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The purpose is to interest them in learning programming. More specifically, to give them a taste of some aspects of various languages, hoping that each will find something they like and, being naturally curious, they might pursue the subjects they liked a bit more. Comparison of programming languages doesn't make sense until they've first mastered the basic ...


With two weeks, you'd be better off focusing on a bit. If you are teaching C++/Java, why Python? I would choose only one of those three languages, as they are all fairly similar. Alternatively, if you wanted to do some OOP, have you considered using C#/Unity? It results in some quite fun projects right out of the gate, and they are working in a fully ...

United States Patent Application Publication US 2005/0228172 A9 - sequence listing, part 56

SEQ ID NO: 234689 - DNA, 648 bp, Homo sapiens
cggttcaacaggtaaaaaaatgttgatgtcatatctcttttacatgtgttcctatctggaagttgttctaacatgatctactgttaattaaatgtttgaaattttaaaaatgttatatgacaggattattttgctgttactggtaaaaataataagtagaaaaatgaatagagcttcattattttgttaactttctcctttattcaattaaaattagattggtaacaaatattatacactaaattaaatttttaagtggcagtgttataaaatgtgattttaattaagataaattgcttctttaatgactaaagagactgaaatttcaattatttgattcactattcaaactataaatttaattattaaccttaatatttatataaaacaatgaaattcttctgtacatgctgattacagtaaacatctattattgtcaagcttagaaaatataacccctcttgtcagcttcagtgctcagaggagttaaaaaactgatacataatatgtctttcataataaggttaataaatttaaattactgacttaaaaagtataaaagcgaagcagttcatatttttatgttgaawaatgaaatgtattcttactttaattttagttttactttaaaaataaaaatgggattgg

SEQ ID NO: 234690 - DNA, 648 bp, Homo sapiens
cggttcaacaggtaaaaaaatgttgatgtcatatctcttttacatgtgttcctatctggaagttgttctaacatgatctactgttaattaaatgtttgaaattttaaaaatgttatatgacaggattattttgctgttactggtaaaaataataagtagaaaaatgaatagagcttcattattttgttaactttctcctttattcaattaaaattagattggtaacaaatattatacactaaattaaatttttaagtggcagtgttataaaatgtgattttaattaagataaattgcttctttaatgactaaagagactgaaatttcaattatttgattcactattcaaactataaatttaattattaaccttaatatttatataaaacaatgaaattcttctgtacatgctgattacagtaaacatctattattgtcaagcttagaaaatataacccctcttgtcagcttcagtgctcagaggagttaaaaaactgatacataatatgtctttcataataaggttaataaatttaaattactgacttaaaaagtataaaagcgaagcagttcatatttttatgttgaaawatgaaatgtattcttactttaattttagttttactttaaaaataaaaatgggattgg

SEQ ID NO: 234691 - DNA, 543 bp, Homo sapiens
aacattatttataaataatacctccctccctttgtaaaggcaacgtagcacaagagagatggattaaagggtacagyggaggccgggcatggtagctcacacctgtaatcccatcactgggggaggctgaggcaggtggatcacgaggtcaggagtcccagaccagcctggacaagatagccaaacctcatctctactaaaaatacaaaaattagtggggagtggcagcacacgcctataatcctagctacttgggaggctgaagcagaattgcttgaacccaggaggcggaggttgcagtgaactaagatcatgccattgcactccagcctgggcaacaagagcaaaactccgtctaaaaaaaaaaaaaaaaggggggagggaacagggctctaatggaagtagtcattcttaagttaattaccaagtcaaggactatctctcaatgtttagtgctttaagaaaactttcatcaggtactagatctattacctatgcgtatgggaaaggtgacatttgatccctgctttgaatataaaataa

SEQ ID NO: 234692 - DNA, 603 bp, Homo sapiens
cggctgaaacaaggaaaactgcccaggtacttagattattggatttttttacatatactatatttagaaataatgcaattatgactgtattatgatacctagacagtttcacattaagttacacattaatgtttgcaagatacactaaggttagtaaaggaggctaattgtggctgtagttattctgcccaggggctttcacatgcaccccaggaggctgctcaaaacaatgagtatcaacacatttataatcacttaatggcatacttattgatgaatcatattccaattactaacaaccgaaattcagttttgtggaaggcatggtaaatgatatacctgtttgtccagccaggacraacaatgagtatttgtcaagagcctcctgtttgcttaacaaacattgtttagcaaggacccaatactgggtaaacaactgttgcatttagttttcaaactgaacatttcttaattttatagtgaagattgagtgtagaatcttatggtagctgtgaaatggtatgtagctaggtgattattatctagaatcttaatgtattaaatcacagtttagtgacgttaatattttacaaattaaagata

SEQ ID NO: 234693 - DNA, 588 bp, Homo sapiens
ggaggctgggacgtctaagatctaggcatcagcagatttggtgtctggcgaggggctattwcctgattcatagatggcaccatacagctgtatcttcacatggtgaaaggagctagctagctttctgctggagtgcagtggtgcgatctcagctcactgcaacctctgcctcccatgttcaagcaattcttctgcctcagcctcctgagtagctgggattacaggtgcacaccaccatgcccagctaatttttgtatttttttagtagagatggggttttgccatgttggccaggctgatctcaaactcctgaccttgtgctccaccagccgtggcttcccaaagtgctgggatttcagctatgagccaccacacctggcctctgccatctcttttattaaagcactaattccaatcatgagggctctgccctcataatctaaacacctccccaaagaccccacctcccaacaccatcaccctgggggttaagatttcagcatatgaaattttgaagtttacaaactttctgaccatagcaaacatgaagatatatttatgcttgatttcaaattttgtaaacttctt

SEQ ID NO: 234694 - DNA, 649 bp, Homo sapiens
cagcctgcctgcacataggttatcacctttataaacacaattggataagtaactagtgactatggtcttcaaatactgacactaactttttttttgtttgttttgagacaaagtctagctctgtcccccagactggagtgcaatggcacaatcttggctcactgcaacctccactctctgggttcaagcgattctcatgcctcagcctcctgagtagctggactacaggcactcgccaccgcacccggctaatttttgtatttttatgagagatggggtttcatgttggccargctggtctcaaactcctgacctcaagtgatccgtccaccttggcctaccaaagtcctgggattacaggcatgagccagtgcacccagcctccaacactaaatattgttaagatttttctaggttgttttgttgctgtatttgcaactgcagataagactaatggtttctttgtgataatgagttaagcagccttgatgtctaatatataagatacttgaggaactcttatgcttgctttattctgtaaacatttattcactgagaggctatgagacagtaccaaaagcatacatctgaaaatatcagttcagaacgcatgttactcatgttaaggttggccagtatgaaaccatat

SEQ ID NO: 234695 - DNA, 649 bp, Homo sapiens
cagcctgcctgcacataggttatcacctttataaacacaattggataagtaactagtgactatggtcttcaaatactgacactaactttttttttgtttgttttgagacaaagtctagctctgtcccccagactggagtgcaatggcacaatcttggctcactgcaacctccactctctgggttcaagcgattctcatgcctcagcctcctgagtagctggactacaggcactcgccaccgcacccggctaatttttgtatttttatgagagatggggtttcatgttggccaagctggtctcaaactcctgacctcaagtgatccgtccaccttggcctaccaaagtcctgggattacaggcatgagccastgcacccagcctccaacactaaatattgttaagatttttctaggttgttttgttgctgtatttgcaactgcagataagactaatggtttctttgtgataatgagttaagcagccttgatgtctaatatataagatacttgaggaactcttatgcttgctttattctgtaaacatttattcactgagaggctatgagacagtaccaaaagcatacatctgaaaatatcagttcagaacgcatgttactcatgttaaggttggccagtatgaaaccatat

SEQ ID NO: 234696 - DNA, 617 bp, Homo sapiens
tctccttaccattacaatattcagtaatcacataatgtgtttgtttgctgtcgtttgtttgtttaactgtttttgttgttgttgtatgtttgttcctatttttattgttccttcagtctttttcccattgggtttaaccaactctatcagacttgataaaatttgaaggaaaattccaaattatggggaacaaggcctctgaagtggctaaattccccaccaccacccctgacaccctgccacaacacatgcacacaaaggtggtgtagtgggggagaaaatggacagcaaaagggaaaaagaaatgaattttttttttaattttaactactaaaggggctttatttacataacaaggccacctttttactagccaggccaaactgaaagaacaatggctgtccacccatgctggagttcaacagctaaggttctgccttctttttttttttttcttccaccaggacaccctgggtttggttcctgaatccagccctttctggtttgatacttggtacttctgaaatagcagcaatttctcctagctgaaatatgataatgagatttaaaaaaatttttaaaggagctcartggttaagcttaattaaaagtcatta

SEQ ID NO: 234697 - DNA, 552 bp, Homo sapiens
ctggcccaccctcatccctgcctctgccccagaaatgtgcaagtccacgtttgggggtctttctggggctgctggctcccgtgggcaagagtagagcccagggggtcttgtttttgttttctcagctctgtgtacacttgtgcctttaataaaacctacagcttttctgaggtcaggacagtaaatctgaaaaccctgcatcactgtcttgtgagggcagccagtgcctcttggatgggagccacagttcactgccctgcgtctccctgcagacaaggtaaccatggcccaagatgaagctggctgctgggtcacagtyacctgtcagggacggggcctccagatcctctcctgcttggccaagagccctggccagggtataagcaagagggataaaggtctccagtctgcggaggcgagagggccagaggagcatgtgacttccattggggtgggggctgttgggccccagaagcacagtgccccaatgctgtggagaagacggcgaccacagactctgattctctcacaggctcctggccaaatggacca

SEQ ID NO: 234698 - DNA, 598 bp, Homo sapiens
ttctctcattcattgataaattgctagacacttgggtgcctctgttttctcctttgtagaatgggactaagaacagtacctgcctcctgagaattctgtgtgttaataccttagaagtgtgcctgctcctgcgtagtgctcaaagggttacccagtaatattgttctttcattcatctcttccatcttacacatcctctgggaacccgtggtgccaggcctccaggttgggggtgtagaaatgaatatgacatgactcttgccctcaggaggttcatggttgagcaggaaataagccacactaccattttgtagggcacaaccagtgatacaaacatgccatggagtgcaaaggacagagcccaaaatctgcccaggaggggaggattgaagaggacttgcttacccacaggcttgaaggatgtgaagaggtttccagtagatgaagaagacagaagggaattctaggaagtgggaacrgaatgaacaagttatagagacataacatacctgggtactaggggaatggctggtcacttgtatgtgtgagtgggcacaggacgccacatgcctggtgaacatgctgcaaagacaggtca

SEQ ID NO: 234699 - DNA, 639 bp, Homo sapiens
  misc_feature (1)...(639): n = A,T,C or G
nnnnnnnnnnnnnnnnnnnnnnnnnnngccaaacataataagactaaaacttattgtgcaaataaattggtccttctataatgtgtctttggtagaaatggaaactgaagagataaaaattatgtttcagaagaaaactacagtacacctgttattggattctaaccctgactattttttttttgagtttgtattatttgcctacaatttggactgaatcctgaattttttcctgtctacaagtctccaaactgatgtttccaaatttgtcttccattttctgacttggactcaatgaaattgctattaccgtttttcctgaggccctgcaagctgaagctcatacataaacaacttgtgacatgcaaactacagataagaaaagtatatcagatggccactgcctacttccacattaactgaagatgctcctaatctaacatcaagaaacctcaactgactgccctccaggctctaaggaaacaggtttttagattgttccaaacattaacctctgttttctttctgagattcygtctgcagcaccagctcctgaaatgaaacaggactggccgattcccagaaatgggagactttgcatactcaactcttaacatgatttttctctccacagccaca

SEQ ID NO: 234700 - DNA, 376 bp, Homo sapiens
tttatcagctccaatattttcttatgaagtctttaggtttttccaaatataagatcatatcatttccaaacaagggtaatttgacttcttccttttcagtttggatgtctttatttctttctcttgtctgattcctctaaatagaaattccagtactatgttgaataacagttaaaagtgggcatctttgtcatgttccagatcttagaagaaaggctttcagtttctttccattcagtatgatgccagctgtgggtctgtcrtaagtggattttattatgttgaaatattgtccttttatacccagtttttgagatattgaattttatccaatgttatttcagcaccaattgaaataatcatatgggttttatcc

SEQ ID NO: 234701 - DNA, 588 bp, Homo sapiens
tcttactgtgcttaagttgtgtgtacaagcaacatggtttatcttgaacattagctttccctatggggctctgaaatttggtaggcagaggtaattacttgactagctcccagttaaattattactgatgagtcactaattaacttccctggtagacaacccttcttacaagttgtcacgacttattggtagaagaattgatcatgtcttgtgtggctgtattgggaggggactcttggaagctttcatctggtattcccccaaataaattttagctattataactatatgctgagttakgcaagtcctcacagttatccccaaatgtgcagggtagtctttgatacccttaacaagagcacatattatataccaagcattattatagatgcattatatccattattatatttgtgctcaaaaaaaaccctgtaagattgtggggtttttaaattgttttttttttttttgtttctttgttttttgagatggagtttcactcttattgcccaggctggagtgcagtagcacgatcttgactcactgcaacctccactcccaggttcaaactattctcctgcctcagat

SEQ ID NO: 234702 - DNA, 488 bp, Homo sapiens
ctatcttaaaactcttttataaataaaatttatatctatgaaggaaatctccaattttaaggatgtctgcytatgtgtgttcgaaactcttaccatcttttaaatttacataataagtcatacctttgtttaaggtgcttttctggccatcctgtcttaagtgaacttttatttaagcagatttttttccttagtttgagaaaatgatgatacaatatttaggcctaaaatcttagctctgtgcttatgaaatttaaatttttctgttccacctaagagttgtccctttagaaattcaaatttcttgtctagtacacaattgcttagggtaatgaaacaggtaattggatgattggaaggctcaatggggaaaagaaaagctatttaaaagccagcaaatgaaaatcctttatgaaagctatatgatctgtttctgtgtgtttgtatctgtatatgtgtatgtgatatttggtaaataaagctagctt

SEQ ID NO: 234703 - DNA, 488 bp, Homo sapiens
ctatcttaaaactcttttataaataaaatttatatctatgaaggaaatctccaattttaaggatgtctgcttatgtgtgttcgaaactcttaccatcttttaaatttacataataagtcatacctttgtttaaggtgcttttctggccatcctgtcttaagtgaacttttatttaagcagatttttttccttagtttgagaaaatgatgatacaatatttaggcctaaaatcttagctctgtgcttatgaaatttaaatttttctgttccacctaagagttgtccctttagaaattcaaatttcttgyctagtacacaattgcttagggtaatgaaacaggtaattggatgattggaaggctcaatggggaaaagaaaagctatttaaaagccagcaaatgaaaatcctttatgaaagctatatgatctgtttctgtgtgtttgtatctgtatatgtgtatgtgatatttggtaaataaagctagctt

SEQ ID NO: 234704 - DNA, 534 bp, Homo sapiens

Yes, but introduce it one step at a time (Zone of Proximal Development). Manual testing is the absolute minimum, needed to know if you have written the program that you intend to (feedback). Incrementally adding to a program is the only effective way to get a program to work (quick feedback). Therefore as least to manual TDD, from the start. Then latter ...


I think the answer is YES. Because in this era, teach TDD as early as possible will give valuable benefits to forming disciplined programmers.

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